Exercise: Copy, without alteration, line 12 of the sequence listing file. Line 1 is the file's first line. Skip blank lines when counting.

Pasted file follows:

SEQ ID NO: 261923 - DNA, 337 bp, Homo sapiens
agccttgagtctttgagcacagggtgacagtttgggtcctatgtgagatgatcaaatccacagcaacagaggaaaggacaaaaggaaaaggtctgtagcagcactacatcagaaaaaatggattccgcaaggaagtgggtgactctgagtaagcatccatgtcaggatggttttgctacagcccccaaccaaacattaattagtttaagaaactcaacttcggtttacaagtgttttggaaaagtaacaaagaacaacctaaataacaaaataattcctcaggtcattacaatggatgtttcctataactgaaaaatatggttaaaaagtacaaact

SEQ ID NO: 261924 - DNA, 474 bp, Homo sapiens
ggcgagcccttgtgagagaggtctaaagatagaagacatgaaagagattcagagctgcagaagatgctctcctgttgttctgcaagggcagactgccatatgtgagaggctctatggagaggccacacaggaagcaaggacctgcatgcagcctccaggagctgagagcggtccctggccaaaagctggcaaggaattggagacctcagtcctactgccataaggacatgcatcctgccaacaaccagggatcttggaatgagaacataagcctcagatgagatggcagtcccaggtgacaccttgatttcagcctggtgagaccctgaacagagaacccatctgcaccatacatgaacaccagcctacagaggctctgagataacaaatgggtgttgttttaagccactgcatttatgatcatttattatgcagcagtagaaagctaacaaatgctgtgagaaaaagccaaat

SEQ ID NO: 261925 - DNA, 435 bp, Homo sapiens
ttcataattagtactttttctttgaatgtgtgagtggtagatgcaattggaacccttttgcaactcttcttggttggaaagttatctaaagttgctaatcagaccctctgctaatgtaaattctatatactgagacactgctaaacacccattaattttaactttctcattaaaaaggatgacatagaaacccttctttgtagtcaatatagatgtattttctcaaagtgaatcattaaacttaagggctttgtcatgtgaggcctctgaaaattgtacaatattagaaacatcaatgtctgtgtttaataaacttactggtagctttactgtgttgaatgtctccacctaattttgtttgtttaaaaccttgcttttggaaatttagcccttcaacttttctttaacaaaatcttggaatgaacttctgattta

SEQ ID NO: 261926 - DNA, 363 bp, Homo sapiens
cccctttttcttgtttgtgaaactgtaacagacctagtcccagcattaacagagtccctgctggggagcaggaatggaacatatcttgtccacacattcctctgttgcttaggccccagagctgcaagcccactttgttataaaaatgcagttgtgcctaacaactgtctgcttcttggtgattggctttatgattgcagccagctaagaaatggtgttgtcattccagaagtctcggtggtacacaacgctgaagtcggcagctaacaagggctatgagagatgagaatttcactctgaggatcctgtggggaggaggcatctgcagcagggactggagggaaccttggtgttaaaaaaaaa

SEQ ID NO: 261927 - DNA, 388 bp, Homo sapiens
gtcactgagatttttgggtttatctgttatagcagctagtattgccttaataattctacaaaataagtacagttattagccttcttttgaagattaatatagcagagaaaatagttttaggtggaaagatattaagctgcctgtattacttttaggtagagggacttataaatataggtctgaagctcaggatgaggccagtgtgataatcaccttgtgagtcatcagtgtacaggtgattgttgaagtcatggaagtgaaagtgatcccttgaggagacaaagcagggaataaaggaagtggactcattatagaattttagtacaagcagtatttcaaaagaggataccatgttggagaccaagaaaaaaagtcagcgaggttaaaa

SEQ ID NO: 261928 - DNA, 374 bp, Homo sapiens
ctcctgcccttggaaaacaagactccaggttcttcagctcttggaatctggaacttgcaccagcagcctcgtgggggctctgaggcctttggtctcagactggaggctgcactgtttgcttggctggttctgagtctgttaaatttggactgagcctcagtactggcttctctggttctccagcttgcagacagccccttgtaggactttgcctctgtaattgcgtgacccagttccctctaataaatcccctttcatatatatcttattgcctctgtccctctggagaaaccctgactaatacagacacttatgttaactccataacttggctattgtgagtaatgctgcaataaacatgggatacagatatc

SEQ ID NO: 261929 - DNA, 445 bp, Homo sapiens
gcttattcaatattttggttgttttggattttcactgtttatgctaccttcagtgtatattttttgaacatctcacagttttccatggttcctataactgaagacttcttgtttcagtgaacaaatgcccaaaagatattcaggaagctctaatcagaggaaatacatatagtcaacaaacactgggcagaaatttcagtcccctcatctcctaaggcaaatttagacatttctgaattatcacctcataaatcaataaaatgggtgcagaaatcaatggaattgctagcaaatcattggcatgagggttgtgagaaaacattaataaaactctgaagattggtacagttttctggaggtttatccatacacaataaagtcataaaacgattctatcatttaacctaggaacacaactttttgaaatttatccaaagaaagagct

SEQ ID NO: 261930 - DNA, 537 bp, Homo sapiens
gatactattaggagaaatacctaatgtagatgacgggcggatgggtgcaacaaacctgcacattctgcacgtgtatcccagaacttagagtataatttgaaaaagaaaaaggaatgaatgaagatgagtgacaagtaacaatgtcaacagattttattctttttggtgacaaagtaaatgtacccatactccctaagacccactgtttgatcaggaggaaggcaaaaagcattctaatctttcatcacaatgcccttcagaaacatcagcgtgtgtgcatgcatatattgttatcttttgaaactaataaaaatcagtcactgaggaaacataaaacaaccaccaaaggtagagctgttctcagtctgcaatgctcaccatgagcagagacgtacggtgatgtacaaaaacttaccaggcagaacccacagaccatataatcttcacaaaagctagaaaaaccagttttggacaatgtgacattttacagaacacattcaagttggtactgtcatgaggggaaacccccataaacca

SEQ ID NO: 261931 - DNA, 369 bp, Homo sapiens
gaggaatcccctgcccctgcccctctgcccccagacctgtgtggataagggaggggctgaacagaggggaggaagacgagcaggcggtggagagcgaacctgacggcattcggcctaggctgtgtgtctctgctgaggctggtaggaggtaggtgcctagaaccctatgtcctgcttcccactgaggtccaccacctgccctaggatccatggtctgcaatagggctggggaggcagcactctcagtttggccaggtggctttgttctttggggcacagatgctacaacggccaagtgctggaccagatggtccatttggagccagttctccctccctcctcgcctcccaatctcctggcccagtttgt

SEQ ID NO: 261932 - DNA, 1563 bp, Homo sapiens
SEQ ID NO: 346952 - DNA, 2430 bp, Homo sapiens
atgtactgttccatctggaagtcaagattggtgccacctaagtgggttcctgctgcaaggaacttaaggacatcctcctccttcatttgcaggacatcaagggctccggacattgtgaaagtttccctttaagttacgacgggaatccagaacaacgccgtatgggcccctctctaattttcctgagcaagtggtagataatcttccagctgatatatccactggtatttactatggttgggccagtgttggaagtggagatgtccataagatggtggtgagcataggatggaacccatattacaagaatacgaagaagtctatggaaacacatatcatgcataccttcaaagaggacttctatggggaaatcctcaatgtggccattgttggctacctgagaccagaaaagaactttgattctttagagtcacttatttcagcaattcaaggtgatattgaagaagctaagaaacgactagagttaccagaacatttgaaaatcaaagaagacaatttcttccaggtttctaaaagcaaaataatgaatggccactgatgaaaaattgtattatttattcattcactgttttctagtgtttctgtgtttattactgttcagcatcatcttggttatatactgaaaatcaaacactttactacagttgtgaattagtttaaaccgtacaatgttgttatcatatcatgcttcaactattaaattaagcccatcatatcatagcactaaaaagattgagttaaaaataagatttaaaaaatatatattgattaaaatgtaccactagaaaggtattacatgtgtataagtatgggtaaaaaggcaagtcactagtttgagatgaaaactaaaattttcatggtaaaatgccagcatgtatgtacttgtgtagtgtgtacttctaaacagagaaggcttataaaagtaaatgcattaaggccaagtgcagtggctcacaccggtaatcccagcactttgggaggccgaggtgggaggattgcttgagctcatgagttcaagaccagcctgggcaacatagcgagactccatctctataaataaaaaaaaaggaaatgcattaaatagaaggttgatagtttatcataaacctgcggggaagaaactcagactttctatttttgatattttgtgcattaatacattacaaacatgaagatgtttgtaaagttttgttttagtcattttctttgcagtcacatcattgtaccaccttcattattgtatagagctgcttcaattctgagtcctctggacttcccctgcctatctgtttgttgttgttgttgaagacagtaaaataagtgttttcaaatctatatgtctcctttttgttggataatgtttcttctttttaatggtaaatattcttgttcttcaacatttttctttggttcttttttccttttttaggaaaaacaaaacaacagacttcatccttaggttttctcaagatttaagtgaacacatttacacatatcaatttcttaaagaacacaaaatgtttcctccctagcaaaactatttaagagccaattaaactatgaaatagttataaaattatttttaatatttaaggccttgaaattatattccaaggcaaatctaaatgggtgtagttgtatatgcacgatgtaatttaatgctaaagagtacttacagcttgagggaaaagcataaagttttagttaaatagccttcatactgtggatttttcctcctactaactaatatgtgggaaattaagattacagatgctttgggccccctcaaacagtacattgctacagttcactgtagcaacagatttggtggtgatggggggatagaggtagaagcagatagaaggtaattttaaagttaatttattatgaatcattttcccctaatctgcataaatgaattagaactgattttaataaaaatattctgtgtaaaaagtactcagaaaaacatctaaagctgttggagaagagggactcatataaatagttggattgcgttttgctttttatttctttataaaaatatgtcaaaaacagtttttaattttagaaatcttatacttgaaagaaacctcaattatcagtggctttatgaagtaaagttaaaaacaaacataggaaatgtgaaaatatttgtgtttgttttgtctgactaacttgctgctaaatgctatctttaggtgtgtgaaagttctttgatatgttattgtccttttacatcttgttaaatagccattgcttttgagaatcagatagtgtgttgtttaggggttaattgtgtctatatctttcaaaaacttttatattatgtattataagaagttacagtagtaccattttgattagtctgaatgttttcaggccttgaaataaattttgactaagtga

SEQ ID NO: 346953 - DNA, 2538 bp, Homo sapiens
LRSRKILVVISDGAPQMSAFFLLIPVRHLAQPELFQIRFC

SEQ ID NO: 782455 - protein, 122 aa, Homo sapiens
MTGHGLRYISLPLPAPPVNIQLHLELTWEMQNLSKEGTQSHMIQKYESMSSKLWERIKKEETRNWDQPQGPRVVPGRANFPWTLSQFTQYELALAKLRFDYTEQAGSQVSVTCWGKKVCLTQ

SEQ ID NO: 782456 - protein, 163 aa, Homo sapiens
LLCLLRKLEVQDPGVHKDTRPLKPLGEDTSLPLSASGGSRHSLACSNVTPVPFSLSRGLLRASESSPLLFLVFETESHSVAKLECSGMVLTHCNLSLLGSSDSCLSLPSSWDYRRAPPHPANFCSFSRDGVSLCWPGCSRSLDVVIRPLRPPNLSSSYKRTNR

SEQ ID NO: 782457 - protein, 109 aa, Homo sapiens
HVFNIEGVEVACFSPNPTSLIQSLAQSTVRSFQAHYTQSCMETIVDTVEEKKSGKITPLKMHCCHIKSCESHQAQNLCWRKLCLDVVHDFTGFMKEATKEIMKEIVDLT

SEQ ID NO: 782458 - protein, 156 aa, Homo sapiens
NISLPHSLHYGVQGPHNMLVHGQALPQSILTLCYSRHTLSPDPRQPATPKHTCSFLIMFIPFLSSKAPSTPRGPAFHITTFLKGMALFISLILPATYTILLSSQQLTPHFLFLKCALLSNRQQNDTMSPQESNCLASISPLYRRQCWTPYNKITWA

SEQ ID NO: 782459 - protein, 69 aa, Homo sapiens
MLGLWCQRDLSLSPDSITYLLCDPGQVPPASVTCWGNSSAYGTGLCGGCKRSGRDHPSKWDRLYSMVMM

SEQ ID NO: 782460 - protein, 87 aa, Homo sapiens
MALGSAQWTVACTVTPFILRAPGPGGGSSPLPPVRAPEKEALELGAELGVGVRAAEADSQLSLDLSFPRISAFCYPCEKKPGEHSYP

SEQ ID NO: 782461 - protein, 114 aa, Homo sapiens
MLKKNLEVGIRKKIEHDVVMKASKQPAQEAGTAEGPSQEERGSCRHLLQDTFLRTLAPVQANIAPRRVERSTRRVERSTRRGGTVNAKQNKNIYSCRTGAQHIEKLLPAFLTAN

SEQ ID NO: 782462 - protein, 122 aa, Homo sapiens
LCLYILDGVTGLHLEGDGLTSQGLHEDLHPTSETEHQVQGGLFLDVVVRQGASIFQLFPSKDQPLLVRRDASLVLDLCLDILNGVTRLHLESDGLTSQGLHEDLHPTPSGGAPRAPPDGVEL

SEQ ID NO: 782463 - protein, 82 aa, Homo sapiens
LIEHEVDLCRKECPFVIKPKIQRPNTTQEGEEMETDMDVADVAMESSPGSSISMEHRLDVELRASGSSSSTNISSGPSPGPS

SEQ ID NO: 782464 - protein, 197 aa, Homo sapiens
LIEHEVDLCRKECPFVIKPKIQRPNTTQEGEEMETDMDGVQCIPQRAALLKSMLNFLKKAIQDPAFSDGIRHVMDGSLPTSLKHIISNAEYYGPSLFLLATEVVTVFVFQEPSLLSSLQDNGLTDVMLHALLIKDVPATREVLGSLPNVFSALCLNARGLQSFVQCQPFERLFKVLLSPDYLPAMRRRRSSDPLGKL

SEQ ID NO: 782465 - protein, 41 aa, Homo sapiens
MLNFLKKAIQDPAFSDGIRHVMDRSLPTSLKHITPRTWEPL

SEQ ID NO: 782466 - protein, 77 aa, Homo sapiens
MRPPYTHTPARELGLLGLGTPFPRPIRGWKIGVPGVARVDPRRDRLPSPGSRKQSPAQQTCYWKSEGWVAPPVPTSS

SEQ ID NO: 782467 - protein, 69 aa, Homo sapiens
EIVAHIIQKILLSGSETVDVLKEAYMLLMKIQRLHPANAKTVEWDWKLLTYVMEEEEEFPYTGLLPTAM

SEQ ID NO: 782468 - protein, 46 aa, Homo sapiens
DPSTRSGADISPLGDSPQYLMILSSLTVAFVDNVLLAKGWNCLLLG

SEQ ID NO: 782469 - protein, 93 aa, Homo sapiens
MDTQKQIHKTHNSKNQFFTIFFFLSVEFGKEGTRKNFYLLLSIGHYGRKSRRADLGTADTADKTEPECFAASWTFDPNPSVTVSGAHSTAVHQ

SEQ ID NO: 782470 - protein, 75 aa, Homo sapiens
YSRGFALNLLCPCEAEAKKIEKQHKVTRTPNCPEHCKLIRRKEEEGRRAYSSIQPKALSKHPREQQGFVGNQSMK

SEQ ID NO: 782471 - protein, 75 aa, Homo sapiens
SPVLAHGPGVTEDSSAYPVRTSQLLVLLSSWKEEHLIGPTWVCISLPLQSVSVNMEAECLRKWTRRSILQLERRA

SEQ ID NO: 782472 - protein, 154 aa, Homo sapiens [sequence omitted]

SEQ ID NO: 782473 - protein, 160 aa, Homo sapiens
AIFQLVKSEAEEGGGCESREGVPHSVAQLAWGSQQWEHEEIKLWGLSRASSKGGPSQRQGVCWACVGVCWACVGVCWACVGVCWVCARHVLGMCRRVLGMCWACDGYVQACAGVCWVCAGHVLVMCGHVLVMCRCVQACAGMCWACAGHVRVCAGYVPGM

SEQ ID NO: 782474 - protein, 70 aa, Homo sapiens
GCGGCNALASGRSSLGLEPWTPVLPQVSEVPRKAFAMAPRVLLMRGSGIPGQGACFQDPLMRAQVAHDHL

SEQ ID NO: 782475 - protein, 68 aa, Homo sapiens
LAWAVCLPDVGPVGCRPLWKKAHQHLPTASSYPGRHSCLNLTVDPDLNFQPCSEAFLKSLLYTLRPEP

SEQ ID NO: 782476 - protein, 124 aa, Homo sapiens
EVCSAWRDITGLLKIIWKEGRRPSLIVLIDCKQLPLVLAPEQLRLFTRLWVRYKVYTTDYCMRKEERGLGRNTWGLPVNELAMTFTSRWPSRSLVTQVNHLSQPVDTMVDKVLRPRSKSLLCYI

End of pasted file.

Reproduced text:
ctcctgcccttggaaaacaagactccaggttcttcagctcttggaatctggaacttgcaccagcagcctcgtgggggctctgaggcctttggtctcagactggaggctgcactgtttgcttggctggttctgagtctgttaaatttggactgagcctcagtactggcttctctggttctccagcttgcagacagccccttgtaggactttgcctctgtaattgcgtgacccagttccctctaataaatcccctttcatatatatcttattgcctctgtccctctggagaaaccctgactaatacagacacttatgttaactccataacttggctattgtgagtaatgctgcaataaacatgggatacagatatc